Male-female differences in the association between incident hip fracture and proximal femoral strength: a finite element analysis study.
Cast your vote
You can rate an item by clicking the amount of stars they wish to award to this item.
When enough users have cast their vote on this item, the average rating will also be shown.
Your vote was cast
Thank you for your feedback
Thank you for your feedback
AuthorsKeyak, J H
Harris, T B
Jonsson, B Y
Lang, T F
MetadataShow full item record
CitationBone 2011, 48(6):1239-45
AbstractHip fracture risk is usually evaluated using dual energy X-ray absorptiometry (DXA) or quantitative computed tomography (QCT) which provide surrogate measures for proximal femoral strength. However, proximal femoral strength can best be estimated explicitly by combining QCT with finite element (FE) analysis. To evaluate this technique for predicting hip fracture in older men and women, we performed a nested age- and sex-matched case-control study in the Age Gene/Environment Susceptibility (AGES) Reykjavik cohort. Baseline (pre-fracture) QCT scans of 5500 subjects were obtained. During 4-7 years follow-up, 51 men and 77 women sustained hip fractures. Ninety-seven men and 152 women were randomly selected as age- and sex-matched controls. FE-strength of the left hip of each subject for stance (F(Stance)) and posterolateral fall (F(Fall)) loading, and total femur areal bone mineral density (aBMD) were computed from the QCT data. F(Stance) and F(Fall) in incident hip fracture subjects were 13%-25% less than in control subjects (p ≤ 0.006) after controlling for demographic parameters. The difference between FE strengths of fracture and control subjects was disproportionately greater in men (stance, 22%; fall, 25%) than in women (stance, 13%; fall, 18%) (p ≤ 0.033), considering that F(Stance) and F(Fall) in fracture subjects were greater in men than in women (p < 0.001). For men, F(Stance) was associated with hip fracture after accounting for aBMD (p = 0.013). These data indicate that F(Stance) provides information about fracture risk that is beyond that provided by aBMD (p = 0.013). These findings support further exploration of possible sex differences in the predictors of hip fracture and of sex-specific strategies for using FE analysis to manage osteoporosis.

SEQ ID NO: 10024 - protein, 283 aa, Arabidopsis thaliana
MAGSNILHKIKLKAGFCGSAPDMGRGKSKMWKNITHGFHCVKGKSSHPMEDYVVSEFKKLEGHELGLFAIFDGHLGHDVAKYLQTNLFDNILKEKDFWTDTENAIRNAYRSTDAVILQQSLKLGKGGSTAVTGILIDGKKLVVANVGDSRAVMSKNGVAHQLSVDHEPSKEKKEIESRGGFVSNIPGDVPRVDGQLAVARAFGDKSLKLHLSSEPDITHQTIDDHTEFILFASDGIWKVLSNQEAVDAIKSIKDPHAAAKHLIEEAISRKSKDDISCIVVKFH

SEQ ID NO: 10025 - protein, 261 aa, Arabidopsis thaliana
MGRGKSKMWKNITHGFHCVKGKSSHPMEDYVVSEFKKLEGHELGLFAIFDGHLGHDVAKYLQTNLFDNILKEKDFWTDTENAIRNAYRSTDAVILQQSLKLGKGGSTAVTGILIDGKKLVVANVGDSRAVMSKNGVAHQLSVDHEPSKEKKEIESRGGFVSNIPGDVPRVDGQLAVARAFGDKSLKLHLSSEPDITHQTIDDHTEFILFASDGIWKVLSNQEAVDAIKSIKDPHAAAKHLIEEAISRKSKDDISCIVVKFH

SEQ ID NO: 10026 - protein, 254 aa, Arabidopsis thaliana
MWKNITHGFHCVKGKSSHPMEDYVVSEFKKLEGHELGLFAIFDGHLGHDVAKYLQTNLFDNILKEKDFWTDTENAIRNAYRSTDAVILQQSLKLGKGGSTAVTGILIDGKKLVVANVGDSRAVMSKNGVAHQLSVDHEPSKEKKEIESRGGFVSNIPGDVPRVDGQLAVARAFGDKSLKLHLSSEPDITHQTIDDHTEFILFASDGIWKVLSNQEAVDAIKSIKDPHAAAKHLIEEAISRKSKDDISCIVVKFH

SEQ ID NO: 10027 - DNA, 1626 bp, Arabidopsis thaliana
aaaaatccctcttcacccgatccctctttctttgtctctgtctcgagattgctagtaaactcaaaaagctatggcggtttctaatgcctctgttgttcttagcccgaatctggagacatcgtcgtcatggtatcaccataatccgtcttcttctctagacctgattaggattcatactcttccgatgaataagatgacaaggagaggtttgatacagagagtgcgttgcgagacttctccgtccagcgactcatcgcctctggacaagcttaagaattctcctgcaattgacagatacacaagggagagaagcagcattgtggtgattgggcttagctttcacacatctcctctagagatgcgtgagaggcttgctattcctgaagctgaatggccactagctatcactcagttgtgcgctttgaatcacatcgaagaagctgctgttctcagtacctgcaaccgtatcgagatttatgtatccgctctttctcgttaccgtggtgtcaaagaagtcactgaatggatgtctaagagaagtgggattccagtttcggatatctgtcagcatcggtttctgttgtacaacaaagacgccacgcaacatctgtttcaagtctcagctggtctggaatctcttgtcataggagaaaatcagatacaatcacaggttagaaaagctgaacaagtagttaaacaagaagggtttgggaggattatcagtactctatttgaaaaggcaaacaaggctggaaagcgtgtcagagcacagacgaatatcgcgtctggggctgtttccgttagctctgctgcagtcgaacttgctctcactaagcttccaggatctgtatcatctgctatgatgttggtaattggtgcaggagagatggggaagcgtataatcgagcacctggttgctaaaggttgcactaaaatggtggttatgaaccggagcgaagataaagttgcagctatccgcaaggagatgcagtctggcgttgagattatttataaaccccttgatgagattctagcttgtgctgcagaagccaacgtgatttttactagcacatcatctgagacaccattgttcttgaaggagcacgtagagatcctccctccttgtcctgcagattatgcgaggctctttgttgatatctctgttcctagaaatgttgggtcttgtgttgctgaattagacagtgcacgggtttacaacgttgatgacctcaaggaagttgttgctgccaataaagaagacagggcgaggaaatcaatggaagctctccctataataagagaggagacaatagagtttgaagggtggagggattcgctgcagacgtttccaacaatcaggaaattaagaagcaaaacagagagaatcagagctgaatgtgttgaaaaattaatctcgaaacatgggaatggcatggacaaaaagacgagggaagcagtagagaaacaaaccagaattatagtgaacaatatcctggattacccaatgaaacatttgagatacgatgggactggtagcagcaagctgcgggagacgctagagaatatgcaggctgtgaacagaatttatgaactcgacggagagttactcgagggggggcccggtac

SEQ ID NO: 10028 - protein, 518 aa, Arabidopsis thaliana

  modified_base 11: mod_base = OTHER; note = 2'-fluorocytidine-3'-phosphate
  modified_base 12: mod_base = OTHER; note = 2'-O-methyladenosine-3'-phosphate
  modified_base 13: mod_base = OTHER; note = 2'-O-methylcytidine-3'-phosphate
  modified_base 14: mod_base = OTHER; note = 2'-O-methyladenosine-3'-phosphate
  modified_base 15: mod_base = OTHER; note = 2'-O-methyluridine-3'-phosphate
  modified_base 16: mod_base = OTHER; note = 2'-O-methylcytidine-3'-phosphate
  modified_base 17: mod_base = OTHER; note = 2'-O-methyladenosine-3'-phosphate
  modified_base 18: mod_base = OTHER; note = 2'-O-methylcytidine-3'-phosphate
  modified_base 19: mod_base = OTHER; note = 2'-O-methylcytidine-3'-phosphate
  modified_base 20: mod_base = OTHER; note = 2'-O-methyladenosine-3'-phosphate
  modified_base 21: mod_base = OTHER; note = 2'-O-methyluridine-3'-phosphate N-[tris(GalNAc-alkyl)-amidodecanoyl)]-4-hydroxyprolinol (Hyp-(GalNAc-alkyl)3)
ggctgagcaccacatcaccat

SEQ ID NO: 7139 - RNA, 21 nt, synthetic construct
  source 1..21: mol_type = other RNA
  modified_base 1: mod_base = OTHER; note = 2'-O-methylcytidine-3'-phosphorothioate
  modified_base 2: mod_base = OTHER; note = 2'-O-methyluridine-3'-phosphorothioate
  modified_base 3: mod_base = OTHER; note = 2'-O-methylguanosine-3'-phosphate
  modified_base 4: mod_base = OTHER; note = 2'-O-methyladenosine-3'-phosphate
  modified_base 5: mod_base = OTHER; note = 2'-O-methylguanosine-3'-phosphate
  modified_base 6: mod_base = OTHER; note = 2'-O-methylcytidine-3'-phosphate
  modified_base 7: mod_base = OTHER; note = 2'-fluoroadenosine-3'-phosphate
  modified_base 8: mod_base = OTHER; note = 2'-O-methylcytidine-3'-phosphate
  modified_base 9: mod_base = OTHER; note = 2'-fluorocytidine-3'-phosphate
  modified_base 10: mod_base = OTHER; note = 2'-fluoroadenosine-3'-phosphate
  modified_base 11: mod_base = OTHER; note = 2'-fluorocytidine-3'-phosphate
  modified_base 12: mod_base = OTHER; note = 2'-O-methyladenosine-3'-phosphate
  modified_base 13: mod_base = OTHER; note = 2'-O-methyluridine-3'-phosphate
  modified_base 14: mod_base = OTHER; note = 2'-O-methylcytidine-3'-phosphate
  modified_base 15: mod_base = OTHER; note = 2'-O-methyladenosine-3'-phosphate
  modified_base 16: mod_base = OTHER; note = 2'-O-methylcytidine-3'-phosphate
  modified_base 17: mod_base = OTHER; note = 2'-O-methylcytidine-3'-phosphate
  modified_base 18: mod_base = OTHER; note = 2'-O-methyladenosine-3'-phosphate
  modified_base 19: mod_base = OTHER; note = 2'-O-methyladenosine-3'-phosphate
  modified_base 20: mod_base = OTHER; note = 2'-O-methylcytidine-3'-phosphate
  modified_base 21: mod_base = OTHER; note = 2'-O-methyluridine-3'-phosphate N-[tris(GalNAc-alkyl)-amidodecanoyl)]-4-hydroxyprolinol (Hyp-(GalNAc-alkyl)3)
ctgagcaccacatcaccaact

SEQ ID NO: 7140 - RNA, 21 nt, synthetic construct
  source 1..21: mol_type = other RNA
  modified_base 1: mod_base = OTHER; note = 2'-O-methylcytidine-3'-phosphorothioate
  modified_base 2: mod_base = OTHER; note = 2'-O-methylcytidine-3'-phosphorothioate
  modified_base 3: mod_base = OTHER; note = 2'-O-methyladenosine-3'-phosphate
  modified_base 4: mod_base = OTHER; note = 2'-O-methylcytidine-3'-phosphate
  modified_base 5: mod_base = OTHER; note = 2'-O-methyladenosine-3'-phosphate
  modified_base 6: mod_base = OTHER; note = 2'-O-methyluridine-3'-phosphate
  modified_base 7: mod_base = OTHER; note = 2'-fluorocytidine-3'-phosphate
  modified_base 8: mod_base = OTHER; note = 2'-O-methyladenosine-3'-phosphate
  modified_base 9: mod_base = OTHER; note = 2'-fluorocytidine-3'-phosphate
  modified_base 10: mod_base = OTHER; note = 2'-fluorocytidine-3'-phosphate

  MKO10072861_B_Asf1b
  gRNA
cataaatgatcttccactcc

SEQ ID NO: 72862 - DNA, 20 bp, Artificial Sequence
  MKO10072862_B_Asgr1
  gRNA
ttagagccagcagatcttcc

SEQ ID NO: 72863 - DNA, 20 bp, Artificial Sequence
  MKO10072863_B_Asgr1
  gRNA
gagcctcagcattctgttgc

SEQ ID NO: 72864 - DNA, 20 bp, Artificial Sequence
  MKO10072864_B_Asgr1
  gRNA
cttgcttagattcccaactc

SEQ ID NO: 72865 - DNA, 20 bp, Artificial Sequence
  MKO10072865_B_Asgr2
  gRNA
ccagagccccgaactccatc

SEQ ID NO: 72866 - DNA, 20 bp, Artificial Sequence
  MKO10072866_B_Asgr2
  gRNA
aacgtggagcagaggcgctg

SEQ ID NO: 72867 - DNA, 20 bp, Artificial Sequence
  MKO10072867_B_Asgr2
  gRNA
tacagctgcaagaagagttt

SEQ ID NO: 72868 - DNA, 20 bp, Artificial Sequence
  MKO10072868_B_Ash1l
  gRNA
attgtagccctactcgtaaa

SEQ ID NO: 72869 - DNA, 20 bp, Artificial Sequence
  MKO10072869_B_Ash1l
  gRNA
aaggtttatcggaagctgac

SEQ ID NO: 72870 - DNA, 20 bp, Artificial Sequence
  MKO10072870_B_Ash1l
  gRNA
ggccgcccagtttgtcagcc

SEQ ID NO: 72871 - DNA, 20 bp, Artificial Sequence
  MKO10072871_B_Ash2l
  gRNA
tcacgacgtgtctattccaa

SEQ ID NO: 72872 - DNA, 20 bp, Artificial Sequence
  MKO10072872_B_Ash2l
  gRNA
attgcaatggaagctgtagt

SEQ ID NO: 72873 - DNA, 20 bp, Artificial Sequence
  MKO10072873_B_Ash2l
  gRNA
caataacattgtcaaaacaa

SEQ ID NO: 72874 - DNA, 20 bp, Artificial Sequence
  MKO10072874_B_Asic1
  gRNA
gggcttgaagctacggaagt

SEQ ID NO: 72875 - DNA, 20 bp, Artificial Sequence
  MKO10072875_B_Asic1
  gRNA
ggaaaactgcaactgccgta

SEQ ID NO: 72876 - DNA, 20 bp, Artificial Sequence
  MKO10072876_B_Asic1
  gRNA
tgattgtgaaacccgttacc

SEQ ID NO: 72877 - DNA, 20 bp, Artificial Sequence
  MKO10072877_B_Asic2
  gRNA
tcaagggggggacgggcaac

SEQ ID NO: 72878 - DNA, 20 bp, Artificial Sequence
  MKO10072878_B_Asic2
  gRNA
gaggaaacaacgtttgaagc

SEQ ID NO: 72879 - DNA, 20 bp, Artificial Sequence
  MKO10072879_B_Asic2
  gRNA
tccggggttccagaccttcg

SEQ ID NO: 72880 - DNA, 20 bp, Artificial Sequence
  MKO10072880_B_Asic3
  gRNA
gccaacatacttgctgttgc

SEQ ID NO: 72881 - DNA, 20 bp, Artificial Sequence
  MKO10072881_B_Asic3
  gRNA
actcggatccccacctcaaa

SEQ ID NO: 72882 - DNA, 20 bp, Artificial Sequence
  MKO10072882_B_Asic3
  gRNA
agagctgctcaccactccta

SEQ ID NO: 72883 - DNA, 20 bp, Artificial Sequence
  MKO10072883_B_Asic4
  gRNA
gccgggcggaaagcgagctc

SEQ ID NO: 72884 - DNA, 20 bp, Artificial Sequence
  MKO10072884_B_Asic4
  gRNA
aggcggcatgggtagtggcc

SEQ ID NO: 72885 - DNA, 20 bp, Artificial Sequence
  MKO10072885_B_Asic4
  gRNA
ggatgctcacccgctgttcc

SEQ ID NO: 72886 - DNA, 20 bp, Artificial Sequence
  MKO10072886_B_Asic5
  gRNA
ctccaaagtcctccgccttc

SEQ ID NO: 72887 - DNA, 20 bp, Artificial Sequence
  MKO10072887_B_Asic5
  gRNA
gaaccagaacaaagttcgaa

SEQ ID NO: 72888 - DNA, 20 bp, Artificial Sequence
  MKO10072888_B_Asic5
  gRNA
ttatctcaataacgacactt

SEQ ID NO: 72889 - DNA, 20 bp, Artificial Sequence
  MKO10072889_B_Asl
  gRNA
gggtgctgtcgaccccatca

DescriptionTo access publisher full text version of this article. Please click on the hyperlink in Additional Links field.
RightsArchived with thanks to Bone
- Effect of finite element model loading condition on fracture risk assessment in men and women: the AGES-Reykjavik study.
- Authors: Keyak JH, Sigurdsson S, Karlsdottir GS, Oskarsdottir D, Sigmarsdottir A, Kornak J, Harris TB, Sigurdsson G, Jonsson BY, Siggeirsdottir K, Eiriksdottir G, Gudnason V, Lang TF
- Issue date: 2013 Nov
- Age-related loss of proximal femoral strength in elderly men and women: the Age Gene/Environment Susceptibility Study--Reykjavik.
- Authors: Lang TF, Sigurdsson S, Karlsdottir G, Oskarsdottir D, Sigmarsdottir A, Chengshi J, Kornak J, Harris TB, Sigurdsson G, Jonsson BY, Siggeirsdottir K, Eiriksdottir G, Gudnason V, Keyak JH
- Issue date: 2012 Mar
- Association of 3D Geometric Measures Derived From Quantitative Computed Tomography With Hip Fracture Risk in Older Men.
- Authors: Borggrefe J, de Buhr T, Shrestha S, Marshall LM, Orwoll E, Peters K, Black DM, Glüer CC, Osteoporotic Fractures in Men (MrOS) Study Research Group.
- Issue date: 2016 Aug
- Distribution of bone density and cortical thickness in the proximal femur and their association with hip fracture in postmenopausal women: a quantitative computed tomography study.
- Authors: Yang L, Udall WJ, McCloskey EV, Eastell R
- Issue date: 2014 Jan
- Hip load capacity and yield load in men and women of all ages.
- Authors: Keyak JH, Kaneko TS, Khosla S, Amin S, Atkinson EJ, Lang TF, Sibonga JD
- Issue date: 2020 Aug